Website policy


We provide links to articles we think will be of interest to our supporters. We are sympathetic to much of the content of what we post, but not to everything. The fact that something has been linked to here does not necessarily mean that we endorse the views expressed in it.
_____________________

BSST

BSST is the leading charity focusing on small-scale grass roots cross community, anti poverty and humanitarian projects in Israel/Palestine
____________________

JfJfP comments


2016:

06 May: Tair Kaminer starts her fifth spell in gaol. Send messages of support via Reuven Kaminer

04 May: Against the resort to denigration of Israel’s critics

2015:

23 Dec: JfJfP policy statement on BDS

14 Nov: Letter to the Guardian about the Board of Deputies

11 Nov: UK ban on visiting Palestinian mental health workers

20 Oct: letter in the Guardian

13 Sep: Rosh Hashanah greetings

21 Aug: JfJfP on Jeremy Corbyn

29 July: Letter to Evening Standard about its shoddy reporting

24 April: Letter to FIFA about Israeli football

15 April: Letter re Ed Miliband and Israel

11 Jan: Letter to the Guardian in response to Jonathan Freedland on Charlie Hebdo

2014:

15 Dec: Chanukah: Celebrating the miracle of holy oil not military power

1 Dec: Executive statement on bill to make Israel the nation state of the Jewish people

25 Nov: Submission to All-Party Parliamentary Group Against Antisemitism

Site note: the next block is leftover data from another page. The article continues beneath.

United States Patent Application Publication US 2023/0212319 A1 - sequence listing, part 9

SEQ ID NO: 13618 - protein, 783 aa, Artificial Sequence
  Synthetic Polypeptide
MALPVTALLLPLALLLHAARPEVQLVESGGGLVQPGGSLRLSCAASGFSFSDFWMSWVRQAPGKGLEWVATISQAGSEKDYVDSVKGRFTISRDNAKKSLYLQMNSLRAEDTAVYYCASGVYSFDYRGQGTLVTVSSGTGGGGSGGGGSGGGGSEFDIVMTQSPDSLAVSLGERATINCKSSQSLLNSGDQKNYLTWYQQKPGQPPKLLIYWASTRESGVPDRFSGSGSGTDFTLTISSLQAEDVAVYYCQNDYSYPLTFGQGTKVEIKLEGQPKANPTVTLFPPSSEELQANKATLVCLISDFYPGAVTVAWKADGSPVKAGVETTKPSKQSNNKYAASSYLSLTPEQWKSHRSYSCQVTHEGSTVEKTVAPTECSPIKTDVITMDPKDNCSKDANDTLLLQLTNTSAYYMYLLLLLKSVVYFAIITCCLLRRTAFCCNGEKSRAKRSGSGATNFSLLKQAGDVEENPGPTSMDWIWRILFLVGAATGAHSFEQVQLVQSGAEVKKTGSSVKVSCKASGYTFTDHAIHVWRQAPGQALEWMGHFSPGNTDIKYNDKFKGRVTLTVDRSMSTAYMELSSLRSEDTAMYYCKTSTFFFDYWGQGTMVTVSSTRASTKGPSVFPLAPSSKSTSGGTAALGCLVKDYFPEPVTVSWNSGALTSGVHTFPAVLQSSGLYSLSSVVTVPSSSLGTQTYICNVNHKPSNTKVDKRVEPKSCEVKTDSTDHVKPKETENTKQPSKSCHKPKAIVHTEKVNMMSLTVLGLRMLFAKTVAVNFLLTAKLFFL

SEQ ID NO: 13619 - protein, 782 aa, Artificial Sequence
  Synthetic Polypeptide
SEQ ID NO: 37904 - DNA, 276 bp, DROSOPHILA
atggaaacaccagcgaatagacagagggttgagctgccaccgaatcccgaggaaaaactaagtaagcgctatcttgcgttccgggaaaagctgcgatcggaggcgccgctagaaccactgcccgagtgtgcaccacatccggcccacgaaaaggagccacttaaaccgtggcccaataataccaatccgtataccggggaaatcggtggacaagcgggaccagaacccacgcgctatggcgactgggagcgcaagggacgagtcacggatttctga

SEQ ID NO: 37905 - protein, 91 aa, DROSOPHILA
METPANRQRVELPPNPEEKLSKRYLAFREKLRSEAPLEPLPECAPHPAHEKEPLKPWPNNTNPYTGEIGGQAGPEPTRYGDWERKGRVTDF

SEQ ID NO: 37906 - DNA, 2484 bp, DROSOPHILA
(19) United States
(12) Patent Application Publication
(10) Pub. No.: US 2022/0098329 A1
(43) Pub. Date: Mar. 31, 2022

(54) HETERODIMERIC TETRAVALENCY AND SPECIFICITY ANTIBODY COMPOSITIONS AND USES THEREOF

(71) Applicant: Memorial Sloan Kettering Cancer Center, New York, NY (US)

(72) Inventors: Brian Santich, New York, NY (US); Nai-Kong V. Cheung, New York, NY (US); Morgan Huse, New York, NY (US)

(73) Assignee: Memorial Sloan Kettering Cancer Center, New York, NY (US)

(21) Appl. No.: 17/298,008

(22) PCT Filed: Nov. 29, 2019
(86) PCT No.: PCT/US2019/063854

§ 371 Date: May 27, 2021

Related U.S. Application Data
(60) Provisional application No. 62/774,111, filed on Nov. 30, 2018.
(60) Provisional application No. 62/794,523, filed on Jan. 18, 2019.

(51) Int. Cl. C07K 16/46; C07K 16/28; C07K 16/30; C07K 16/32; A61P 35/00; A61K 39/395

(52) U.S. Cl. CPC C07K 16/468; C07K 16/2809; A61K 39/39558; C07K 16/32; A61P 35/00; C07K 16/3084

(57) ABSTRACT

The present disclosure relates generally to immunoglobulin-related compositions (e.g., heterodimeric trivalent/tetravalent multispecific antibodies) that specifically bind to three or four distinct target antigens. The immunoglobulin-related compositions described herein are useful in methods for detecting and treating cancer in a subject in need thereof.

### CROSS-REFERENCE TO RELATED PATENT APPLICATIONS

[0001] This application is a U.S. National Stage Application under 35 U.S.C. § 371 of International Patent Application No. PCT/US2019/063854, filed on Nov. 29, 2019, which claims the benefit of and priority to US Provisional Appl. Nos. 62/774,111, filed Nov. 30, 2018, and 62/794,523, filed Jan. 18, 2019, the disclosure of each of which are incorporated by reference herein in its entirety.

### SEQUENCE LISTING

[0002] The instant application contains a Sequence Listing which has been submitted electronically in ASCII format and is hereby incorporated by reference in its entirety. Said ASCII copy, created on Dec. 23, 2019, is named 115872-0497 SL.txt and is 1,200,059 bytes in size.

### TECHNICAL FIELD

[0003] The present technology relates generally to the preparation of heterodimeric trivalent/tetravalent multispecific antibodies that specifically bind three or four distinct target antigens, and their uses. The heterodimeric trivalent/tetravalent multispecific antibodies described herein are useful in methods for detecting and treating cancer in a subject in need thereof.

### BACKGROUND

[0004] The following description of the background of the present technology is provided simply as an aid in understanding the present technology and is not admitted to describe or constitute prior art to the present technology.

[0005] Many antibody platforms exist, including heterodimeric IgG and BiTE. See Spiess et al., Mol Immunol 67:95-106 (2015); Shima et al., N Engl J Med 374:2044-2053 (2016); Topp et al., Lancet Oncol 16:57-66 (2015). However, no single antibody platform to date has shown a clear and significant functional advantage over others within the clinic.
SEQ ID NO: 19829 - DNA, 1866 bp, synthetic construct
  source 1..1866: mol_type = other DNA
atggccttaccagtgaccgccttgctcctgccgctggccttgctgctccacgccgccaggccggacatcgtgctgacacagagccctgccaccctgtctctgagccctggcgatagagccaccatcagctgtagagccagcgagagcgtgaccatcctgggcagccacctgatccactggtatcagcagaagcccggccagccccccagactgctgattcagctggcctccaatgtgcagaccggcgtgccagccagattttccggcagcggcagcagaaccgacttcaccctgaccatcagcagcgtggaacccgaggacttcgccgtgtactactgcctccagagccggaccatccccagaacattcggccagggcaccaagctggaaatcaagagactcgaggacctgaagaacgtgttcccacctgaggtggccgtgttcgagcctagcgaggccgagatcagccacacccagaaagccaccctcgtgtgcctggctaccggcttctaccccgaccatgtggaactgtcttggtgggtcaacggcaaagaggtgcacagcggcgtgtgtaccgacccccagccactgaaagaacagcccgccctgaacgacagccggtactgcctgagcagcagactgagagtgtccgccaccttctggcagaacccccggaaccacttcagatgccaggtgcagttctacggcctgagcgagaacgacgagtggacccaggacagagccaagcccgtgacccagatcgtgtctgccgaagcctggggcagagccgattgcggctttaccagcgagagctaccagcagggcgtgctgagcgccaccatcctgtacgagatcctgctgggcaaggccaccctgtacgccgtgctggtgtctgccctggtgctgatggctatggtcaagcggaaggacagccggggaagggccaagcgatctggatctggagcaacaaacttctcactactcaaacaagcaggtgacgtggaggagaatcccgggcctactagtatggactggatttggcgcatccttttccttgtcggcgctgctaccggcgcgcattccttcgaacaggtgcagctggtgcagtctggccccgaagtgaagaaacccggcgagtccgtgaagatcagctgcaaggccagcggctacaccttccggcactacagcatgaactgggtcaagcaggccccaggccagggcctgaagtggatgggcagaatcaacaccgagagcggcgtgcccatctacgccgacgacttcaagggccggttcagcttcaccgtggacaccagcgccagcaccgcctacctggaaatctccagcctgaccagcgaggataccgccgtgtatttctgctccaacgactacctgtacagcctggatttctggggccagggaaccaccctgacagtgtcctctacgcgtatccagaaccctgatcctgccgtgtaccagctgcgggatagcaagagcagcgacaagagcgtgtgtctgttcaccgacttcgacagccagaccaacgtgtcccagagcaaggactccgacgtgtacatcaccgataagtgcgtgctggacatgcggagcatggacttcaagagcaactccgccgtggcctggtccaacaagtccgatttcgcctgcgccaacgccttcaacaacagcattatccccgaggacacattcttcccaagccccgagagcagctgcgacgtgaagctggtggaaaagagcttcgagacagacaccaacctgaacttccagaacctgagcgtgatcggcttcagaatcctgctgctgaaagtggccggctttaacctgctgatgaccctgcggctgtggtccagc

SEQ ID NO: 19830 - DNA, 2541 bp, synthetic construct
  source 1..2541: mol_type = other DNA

7 Sept: JfJfP Executive statement on Antisemitism

3 Aug: Urgent disclaimer

19 June Statement on the three kidnapped teenagers

25 April: Exec statement on Yarmouk

28 Mar: EJJP letter in support of Dutch pension fund PGGM's decision to divest from Israeli banks

24 Jan: Support for Riba resolution

16 Jan: EJJP lobbies EU in support of the EU Commission Guidelines, Aug 2013–Jan 2014

2013:

29 November: JfJfP, with many others, signs a "UK must protest at Bedouin expulsion" letter

November: Press release, letter to the Times and advert in the Independent on the Prawer Plan

September: Briefing note and leaflet on the Prawer Plan

September: JfJfP/EJJP on the EU guidelines with regard to Israel

14th June: JfJfP joins other organisations in protest to BBC

2nd June: A light unto nations? - a leaflet for distribution at the "Closer to Israel" rally in London

24 Jan: Letter re the 1923 San Remo convention

18 Jan: In Support of Bab al-Shams

17 Jan: Letter to Camden New Journal about Veolia

11 Jan: JfJfP supports public letter to President Obama

Comments in 2012 and 2011

_____________________

Posts

Palestinian hunger Strikers – an update

 

barghouti_17apr17, nyt

Palestinian prisoners’ health deteriorates as the hunger strike enters its second month

Medical Aid for Palestinians
19 May 2017

This week approximately 1,000 Palestinians held in Israeli prisons entered their second month of a hunger strike over conditions and medical rights. Their demands to the Israeli Prison Services include better and consistent access to healthcare; more liberal family visit policies; and an end to solitary confinement and administrative detention.

The issue of prisoners’ access to adequate medical treatment was highlighted in a joint statement from Palestinian and Israeli human rights organisations (Addameer, Adalah, the Arab Association for Human Rights and Physicians for Human Rights – Israel) last week which urged Israel to “cease its ongoing, systematic human rights violations against the hunger-strikers”: